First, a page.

[All-polyethylene tibial component in Walter-Motorlet total knee arthroplasty. Long-term outcomes].Acta Chir Orthop Traumatol Cech. 2014; 81(2):122-8.AC
PURPOSE OF THE STUDY
An analysis of long-term results of the all-polyethylene tibial component in Walter-Motorlet cemented condylar knee arthroplasty, with a standard tibial plateau (STP) of our own design.
MATERIAL AND METHODS
A total of 49 patients underwent knee replacement; of them, 35 (71.4%) with 38 Walter-Motorlet implants using the STP were evaluated. The average age at the time of evaluation was 87.3 years. The follow-up ranged from 18 to 27 years (average, 24.6 years). Mechanical properties of the STP were tested by experimental measurements and in a photoelasticimetric study. The clinical results were evaluated according to the EULAR Knee Assessment Chart (EKACH). Twenty-four patients (26 knees; 49%) had osteoarthritis (OA) and 11 (12 knees; 23%) had rheumatoid arthritis (RA). Of the 14 (28.6%) patients not included in evaluation, seven (14.3%), with seven knees, required revision arthroplasty and seven (14.3%), with 10 knees, were lost to follow-up.
Of the 38 implants evaluated by the EKACH at an average of 24.6 years, subjectively, 14 (36.8%) knees were free from pain and 14 (36.8%) were mildly painful. The remaining 10 (26.4%) joints were acutely painful on walking up or down the hill. In 14 (36.8%) cases the patients experienced their knees as stable. Light domestic chores were routinely performed by 17 patients (10 OA and 7 RA; 48.6%). One (2.9%) OA patient had a full-time job, and nine (25.7%) patients were socially independent. The functional outcome was significantly related to the patient's age at the time of evaluation. Complications included STP aseptic loosening in five (13.1%) and late infection in two (5.2%) knees. Radiography showed translucent zones below an all-polyethylene component in 14 (36.8%) knees. DISCUSSION The five cases of aseptic loosening may have been due to insufficient hardness of a U-shaped polyethylene component and long-term stress at the bone-implant interface. In the majority of knees the anterior cruciate ligament was defective or missing completely. Maintenance of the posterior cruciate ligament facilitates absorption of the greater part of forces at the cement-bone interface, as also reported by other authors. The high incidence of complications associated with patellar components, as described in the literature of the late 1970s and the early 1980s, led us to avoid the primary use of a patellar implant.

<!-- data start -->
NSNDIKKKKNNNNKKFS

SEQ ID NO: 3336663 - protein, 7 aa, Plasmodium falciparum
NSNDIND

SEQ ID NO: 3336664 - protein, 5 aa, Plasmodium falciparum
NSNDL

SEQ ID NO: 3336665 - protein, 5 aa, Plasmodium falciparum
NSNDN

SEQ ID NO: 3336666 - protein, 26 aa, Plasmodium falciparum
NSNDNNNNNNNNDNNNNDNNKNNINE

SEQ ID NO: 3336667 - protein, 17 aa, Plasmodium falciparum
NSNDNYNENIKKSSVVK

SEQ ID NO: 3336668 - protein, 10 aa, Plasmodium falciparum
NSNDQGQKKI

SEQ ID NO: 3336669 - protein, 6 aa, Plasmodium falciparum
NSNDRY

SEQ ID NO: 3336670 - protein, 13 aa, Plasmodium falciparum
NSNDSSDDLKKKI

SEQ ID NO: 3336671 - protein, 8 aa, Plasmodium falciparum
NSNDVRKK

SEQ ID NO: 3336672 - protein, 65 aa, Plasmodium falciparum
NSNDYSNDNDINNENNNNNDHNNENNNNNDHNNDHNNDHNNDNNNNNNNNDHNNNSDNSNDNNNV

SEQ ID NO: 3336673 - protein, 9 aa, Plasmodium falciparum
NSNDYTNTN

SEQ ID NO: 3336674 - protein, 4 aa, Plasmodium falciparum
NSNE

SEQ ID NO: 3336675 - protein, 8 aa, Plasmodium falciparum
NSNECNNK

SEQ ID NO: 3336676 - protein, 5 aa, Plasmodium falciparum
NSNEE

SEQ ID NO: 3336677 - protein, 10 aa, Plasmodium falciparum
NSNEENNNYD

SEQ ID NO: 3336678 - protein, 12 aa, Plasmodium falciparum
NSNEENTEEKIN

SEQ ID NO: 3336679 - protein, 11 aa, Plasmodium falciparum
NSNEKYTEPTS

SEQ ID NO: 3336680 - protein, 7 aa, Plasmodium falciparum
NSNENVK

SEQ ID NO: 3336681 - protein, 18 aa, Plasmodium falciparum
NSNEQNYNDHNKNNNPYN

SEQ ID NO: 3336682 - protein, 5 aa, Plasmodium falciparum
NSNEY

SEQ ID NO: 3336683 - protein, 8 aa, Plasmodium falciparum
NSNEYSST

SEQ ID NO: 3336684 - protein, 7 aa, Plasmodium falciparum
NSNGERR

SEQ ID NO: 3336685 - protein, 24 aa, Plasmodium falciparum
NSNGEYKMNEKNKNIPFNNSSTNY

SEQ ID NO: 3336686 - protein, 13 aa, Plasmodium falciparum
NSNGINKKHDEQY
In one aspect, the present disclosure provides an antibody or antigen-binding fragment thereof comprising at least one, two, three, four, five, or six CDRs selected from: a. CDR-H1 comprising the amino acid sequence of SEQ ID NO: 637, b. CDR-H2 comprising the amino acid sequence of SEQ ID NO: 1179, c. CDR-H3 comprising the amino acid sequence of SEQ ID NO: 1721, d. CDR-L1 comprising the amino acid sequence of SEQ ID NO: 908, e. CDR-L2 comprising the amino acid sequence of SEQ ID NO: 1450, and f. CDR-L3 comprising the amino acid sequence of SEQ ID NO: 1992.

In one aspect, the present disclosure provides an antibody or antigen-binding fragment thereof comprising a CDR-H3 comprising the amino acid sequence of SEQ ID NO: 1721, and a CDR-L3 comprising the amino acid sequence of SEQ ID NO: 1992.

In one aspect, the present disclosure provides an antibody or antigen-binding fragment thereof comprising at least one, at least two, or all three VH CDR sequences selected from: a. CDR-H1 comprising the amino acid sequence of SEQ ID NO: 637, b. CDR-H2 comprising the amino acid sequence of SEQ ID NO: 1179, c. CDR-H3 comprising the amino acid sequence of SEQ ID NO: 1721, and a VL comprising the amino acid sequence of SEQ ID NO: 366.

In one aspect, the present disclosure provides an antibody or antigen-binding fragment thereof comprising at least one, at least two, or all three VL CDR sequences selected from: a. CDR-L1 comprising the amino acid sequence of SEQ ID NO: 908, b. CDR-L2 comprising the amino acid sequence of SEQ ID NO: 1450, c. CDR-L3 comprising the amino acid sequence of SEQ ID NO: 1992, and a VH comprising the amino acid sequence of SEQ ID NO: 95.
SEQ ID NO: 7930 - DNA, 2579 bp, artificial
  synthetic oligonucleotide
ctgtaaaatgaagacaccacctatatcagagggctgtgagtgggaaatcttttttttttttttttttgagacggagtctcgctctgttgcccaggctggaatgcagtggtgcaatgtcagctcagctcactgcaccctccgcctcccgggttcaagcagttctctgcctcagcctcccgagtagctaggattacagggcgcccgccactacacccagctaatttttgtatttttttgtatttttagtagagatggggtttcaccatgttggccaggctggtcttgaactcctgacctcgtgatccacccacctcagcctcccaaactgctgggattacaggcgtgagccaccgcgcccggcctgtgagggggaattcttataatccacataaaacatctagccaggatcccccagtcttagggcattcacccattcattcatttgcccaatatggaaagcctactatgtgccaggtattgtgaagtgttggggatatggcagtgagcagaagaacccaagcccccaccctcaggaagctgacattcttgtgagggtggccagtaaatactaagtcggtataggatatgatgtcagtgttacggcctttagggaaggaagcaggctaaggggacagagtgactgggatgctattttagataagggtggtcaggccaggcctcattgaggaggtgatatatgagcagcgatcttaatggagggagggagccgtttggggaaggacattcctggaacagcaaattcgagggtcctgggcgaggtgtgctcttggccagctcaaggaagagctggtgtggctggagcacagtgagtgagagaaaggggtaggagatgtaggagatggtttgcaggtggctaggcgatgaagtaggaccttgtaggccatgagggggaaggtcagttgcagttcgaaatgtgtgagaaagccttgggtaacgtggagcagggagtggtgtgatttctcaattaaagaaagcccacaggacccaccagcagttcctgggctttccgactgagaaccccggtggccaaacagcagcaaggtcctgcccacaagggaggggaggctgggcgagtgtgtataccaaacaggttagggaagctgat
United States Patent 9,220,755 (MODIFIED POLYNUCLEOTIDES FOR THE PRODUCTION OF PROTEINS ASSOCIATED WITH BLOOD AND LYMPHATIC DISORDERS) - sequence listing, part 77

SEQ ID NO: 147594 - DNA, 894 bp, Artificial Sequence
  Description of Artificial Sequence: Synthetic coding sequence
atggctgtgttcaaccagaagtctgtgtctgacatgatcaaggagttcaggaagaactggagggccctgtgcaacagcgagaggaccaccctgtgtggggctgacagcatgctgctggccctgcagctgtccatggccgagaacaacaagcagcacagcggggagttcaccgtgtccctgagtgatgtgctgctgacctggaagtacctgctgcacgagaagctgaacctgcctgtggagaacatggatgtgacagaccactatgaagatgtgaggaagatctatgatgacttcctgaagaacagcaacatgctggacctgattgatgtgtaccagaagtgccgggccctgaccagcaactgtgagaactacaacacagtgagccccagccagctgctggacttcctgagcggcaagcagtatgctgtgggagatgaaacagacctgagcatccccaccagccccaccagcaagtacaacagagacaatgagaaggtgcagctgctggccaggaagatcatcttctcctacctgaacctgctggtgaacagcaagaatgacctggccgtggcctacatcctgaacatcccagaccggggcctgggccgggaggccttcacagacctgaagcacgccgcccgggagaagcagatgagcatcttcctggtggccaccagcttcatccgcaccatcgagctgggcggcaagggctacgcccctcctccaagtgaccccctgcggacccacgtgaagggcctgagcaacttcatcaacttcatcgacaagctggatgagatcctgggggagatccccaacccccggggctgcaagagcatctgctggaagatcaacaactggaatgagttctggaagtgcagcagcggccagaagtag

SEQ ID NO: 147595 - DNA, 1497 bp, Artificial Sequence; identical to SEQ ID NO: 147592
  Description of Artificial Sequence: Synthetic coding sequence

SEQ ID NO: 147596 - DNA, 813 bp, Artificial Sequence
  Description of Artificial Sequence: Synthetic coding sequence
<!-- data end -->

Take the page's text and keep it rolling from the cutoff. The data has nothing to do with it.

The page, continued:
Our evaluation showed that, in 73% of the cases, the all-polyethylene tibial component was a suitable and inexpensive implant with very good or good long-term results on average at 24.6 years of follow-up. Since the quality of currently produced polyethylene is high, we recommend the use of all-polyethylene tibial components in all indicated cases.